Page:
That “someone” is a real person who you don’t know.

Maybe this person notices that you have left for vacation using the location data (your home vs. your current location, like in the Dominican Republic). Then they could decide to “keep an eye on your house,” seeing what kind of house you have by using Google Maps. They could use public records to find out who else is there. Then, who knows what could happen next?

Marketing and advertising aren’t everything that can be done or is being done in reality, with your location data.

No questions, an agency like NSA won’t actively be looking for you if you didn’t do anything wrong. But it is up to the agency to interpret what means “doing something wrong”. Again, it is not up to you to determine. Another danger is that it is possible that your activity could be located close to a person who is doing something wrong, or anyone you might know could do something wrong… and you could get caught up in their investigation.

There was an article on New Your Times in December 2018: “Your Apps Know Where You Were Last Night, and They’re Not Keeping It Secret”. Per the article, your apps know what you do 24/7/365, tracked every 21 minutes on average.

What should you do if you want to protect your privacy?

Several steps can be taken to, perhaps, minimize the exposure of your private data.

#1. Get educated about computer security. Read the articles, posts, and tiny font text about privacy before you activate any application.

#2. Avoid Google as much as you can. Switch to another independent email provider. Maybe even choose the one that is not offering a freebie but is asking for a small fee. There is a better chance that the company is not going to sell your data because they make money on subscription fees. Read what the company said about your privacy and shared data.

#3. Don't buy the “spy” devices from Google or Amazon (Alexa and Google speaker). If you have already bought them, I recommend you use the remote switch that can power up or down your device remotely. Power it up if you need to ask Alexa or Google about anything but power it down immediately thereafter.

#4. If you are installing any apps on your smartphone, read the requirements about access rights to your phone. Avoid installing any apps (even the best) if they request too much data from your phone.

Disable most of the Google apps on your smartphone. I have left only Google maps but I have restricted collecting data about my destinations. Google allows to "pause" collecting the data. Thank you, Google, you are so generous!
Remember, if you have the GPS turned constantly on, Google records your itinerary. Turn it on only when you need the map, not to mention that the GPS is draining the smartphone battery down heavily.

#5. Create several disposable email addresses to be used for various forms with fake names (like Joe Google or Marta Booble). Use your primary email address for important emails only.  Do not read emails from unknown senders and NEVER-EVER opens the attachments from them. Your curiosity may cost you a lot of trouble and money.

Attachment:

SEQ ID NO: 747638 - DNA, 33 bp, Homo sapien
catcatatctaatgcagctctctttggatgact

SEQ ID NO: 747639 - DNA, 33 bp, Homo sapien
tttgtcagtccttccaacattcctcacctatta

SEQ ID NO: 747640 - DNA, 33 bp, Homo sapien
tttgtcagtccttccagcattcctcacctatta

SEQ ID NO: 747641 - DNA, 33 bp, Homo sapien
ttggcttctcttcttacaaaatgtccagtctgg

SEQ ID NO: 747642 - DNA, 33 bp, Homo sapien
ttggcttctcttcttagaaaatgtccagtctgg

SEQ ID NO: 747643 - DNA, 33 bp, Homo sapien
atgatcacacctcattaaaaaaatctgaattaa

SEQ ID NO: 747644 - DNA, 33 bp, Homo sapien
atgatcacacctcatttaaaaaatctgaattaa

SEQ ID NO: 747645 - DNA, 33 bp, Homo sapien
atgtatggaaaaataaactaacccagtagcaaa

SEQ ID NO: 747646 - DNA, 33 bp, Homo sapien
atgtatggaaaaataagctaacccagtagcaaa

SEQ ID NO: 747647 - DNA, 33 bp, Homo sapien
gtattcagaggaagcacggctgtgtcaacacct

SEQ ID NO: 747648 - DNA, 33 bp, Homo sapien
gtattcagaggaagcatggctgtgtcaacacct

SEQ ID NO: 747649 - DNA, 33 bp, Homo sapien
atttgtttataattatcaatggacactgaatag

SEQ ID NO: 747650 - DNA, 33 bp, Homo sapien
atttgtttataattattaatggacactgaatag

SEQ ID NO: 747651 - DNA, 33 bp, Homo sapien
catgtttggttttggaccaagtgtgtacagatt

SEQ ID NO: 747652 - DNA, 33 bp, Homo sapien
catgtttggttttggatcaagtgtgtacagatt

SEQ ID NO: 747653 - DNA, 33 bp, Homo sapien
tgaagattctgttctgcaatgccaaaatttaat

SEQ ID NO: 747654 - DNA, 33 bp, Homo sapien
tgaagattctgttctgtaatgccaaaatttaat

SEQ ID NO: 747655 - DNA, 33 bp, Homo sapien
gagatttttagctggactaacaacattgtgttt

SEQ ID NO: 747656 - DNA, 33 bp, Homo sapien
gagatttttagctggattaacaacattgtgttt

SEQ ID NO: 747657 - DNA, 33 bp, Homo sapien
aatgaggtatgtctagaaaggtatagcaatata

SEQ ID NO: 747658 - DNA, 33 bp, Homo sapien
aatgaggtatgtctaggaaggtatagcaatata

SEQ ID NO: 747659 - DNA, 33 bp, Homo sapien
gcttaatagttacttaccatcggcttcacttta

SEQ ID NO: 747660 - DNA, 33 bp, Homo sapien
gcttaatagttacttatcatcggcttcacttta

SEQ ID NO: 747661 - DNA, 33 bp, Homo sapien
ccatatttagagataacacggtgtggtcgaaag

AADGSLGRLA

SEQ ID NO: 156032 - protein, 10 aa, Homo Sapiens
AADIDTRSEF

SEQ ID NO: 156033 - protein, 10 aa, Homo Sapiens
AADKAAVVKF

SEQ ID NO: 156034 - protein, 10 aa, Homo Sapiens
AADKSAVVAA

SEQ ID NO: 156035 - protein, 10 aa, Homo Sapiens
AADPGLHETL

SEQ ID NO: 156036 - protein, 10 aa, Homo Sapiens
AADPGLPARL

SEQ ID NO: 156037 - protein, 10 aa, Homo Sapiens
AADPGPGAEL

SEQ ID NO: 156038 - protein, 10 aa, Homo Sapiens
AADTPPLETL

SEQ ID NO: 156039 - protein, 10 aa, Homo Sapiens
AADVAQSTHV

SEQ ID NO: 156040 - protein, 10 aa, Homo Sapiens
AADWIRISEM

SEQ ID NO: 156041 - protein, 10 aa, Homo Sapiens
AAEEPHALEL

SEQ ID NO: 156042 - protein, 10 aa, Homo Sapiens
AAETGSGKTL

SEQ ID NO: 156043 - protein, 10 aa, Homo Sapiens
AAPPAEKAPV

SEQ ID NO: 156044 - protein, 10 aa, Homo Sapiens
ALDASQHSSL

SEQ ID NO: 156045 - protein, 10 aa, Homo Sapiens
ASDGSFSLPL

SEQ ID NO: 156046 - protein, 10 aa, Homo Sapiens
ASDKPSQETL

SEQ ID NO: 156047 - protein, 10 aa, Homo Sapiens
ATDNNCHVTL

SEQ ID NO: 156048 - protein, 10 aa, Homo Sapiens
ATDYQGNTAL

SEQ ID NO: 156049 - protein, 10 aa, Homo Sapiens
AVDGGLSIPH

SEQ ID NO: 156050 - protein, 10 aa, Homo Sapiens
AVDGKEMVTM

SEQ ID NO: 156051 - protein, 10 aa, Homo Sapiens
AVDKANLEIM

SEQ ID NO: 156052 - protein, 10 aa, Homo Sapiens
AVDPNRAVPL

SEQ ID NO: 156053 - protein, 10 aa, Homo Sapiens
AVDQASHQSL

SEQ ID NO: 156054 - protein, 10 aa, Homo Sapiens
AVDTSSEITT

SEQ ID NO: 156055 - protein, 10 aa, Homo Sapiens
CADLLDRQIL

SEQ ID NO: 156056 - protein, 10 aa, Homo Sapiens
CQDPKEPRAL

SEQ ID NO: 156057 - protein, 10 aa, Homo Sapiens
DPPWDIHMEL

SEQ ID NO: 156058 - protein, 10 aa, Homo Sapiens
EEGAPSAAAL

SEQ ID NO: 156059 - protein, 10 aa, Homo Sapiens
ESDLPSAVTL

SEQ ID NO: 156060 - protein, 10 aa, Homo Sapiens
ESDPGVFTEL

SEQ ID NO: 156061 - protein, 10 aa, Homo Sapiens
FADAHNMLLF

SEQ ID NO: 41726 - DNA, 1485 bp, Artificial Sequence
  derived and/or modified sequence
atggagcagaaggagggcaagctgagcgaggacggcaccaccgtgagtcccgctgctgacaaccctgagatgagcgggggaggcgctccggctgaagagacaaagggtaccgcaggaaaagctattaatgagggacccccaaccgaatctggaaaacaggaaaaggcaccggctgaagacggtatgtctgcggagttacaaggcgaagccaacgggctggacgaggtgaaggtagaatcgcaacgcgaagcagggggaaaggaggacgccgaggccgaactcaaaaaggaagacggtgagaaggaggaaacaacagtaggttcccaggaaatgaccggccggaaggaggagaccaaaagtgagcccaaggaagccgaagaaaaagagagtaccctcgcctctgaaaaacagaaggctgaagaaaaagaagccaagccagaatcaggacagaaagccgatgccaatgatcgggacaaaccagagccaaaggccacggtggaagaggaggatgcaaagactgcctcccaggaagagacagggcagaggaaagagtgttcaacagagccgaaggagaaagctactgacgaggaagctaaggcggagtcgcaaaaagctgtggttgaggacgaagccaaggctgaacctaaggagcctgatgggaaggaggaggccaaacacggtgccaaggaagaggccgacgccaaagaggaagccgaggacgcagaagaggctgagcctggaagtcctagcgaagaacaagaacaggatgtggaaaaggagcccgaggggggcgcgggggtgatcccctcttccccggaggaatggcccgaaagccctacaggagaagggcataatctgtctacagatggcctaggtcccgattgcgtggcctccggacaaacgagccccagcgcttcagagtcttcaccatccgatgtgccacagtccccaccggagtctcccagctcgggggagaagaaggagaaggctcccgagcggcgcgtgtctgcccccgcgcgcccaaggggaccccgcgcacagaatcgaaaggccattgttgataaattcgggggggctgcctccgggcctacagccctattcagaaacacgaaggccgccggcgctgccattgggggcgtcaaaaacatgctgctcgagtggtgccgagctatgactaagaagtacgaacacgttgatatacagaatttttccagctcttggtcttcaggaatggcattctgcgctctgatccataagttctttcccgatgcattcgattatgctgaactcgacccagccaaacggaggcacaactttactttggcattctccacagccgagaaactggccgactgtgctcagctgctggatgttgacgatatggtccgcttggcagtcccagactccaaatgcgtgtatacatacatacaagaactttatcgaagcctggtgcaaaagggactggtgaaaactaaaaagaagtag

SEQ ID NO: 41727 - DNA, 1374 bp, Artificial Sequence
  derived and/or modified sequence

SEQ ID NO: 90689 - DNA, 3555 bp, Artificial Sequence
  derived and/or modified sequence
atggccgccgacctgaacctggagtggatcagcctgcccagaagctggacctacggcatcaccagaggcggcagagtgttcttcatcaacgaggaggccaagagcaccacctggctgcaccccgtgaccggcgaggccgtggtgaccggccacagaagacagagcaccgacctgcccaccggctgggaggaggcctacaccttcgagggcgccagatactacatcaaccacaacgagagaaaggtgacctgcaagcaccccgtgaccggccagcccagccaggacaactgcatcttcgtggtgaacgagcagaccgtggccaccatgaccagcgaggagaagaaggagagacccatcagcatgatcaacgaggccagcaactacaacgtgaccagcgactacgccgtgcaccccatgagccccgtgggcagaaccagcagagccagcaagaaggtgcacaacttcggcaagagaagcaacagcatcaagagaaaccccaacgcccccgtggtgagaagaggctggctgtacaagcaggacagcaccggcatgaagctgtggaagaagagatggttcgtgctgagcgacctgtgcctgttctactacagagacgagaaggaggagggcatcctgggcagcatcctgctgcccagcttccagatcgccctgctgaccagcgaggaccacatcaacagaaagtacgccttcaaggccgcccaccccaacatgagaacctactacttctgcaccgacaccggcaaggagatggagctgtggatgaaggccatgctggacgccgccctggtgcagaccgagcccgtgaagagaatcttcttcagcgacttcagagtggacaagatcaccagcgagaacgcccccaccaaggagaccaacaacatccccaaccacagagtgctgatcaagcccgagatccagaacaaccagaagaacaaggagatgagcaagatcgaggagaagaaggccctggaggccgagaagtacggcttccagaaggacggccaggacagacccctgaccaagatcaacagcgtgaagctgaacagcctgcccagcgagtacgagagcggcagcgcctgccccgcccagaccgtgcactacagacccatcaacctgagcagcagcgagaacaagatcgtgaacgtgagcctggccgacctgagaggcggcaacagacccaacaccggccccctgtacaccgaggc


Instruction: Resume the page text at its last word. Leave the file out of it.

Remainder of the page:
#6. Get the encrypted emails. I personally prefer Proton email. I can send the password-protected email to my recipients and let them know about the password either by texting or calling.

#7. Use VPN (encrypted channel) as much as possible. Your ISP (Internet Service Provider) also has the way to collect your data and the website destinations. Using VPN, you, perhaps, limit access to your browsing info and emails that are normally sent in plain text. You can find plenty of low-cost VPNs that don’t collect the data (like Private Internet Access VPN).

#8. Now, let's go a little more technical. I can tell you in advance, if you are not technical enough in computer networking, find someone knowledgeable who can do this for your home internet router.

Every home router must have the default DNS (Domain Name Server) settings. That setting allows the router to direct your request for a website address to the root DNS servers that hold the huge table of worldwide web sites addresses.
Upon your request, the root DNS server responds with the right address that is being forwarded to your home router over several other routers on the way back.

The fact is that many home routers have the following default DNS settings:
what belongs to Google DNS servers. Google is here, too! And as a habit, it keeps the log of your requests and, correspondingly, the list of websites you were interested in. Even if you don’t use Google’s Chrome browser, you still allow Google to collect your browsing history.

I would recommend changing the default DNS settings to which belongs to the Open DNS.

What am I doing now? Moving my email folders out from Google to email.

Man, never assume that the right thing is being done with your application data. If you have installed the app with a lot of access rights to your phone, you have traded your privacy away. Anything can be done with that information. It may not happen today, or even next few months.

However, at some point, access to your private location data may be worth exploring by a company, identity thief, or government agency.

I have more recommendations to improve the security of your PC and the smartphone, not to mention Social Media. Just ask me.

Safe computing, man!